• Limit how much alcohol you drink.Smoking

• Don’t smoke tobacco: and minimise your exposure to second-hand smoke (passive smoking).

• Get regular exercise: try to get at least 30 minutes of activity each day. Exercise relieves stress and helps you control your weight.

• Don’t let stress build up: the chemicals your body makes in response to stress make your heart beat harder and faster and your blood vessels tighten. All this makes blood pressure higher.

Ask your doctor for suggestions about hypertension and how to prevent it.

Blood pressure

What do the Top Numbers and Bottom Numbers mean

You may notice that when your doctor measures your blood pressure, the reading includes two numbers, one written on top of the other. These numbers can be confusing.

The top number is called your systolic blood pressure. This number represents the force of blood through your blood vessels during your heartbeat.

• 120 or below is normal or ideal systolic blood pressure

• 120-139 is normal but higher than is ideal

• 140 and greater is hypertension

The bottom number is called your diastolic blood pressure. This number represents the force of blood through your blood vessels in between heartbeats, while your heart is resting.

• 80 or below is normal or ideal diastolic blood pressure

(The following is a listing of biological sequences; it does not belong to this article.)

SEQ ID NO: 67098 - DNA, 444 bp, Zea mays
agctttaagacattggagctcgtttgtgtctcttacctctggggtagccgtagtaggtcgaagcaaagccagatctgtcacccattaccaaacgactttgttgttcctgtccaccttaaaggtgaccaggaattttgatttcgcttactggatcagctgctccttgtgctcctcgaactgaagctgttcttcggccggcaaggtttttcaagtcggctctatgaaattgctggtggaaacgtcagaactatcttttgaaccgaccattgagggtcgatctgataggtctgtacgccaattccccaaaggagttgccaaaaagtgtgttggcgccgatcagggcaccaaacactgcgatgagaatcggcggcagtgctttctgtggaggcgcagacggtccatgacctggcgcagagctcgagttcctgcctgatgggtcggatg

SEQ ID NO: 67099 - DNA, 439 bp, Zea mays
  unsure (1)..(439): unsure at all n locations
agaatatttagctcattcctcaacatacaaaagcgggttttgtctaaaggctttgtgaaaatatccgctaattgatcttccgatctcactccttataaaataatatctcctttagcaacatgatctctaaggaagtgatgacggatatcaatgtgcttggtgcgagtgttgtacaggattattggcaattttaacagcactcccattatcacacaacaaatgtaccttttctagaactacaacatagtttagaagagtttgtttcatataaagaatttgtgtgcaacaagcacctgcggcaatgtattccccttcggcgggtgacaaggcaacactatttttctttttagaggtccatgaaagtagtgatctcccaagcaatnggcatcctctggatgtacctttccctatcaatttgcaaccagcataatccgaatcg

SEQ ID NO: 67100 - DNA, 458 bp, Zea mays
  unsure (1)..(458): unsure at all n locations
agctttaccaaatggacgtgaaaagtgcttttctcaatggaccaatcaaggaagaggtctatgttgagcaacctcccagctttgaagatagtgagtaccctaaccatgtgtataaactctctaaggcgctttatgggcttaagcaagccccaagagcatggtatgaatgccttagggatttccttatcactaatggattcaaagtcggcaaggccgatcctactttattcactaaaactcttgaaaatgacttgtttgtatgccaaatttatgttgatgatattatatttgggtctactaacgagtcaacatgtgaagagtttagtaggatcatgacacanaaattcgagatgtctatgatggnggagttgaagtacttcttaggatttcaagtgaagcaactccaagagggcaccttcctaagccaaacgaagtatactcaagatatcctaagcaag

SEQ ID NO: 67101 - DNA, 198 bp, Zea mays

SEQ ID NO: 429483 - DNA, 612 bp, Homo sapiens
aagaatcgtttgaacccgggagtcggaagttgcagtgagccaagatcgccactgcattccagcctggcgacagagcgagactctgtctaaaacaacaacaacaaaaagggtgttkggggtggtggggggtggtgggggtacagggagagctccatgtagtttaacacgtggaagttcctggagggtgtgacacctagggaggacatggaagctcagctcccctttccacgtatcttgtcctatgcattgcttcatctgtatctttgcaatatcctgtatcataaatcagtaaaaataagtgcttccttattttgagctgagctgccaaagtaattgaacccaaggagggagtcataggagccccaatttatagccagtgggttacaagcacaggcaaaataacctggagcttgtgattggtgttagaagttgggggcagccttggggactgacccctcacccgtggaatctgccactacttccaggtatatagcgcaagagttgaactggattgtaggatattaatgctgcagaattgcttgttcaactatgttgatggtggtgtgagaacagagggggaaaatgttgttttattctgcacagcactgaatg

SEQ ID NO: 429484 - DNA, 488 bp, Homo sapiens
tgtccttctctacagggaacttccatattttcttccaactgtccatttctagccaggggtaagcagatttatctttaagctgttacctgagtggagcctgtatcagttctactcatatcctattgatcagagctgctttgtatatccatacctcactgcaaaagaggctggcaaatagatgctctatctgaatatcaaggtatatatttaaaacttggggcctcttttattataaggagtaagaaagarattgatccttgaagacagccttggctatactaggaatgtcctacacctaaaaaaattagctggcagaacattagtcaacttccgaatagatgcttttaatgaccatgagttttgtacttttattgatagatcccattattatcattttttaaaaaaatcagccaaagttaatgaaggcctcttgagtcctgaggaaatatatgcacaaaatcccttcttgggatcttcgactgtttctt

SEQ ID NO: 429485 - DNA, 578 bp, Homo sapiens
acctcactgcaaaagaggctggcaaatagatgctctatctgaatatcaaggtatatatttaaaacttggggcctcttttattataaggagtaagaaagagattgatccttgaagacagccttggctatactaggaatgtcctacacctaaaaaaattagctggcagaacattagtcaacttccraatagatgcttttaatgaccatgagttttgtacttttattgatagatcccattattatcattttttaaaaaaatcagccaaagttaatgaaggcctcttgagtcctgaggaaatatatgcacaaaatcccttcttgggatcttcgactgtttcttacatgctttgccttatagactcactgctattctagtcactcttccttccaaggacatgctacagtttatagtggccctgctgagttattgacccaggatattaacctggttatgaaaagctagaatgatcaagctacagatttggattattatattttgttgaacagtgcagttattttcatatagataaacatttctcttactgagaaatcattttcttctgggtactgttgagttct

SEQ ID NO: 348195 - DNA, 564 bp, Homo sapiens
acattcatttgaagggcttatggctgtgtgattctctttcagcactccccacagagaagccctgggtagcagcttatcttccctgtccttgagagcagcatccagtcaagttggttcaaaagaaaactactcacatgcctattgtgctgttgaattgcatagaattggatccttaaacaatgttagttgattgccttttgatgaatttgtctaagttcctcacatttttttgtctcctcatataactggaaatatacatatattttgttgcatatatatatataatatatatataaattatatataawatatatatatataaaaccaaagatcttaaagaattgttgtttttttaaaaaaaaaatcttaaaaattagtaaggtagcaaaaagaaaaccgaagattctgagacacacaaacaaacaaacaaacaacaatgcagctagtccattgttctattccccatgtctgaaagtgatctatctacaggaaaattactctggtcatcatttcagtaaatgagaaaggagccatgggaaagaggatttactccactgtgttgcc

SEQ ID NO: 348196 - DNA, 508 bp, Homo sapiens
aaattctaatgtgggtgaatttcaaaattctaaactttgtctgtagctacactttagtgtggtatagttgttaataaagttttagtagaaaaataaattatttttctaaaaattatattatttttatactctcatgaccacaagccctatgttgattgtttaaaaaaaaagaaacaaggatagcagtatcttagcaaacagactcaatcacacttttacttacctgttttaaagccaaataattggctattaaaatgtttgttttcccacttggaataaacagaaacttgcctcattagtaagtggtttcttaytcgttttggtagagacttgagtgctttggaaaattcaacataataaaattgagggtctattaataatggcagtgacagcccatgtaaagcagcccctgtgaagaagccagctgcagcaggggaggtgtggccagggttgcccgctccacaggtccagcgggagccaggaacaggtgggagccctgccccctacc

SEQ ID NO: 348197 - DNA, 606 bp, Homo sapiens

• 80-89 is normal but higher than is ideal

• 90 and greater is hypertension

Many people pay more attention to the systolic reading than the diastolic, but experts say that the heart can tolerate a high top (systolic) number better than a high bottom (diastolic) number.

Blood pressure does change throughout the day, depending on your activities. Blood pressure also changes over time. Systolic blood pressure tends to rise as you get older. Diastolic blood pressure may decrease as you get older.

If either of your blood pressure readings is consistently above normal, then you need to take action right away. You and your doctor can develop a plan to treat hypertension or even pre-hypertension before damage to your organs occurs.

Help for Hypertension

Give up your favourite foods. Take medication with annoying side-effects. These are some things you might fear when you think about hypertension treatment. It is true that it may take some time to develop a treatment plan that works best for you, because hypertension can sometimes have a specific underlying cause. In most cases, however, a specific cause of hypertension may not be evident.

Your doctor will work closely with you to determine which combination of treatments works to best control hypertension. Your Healthy foodtreatment plan is likely to include the following elements: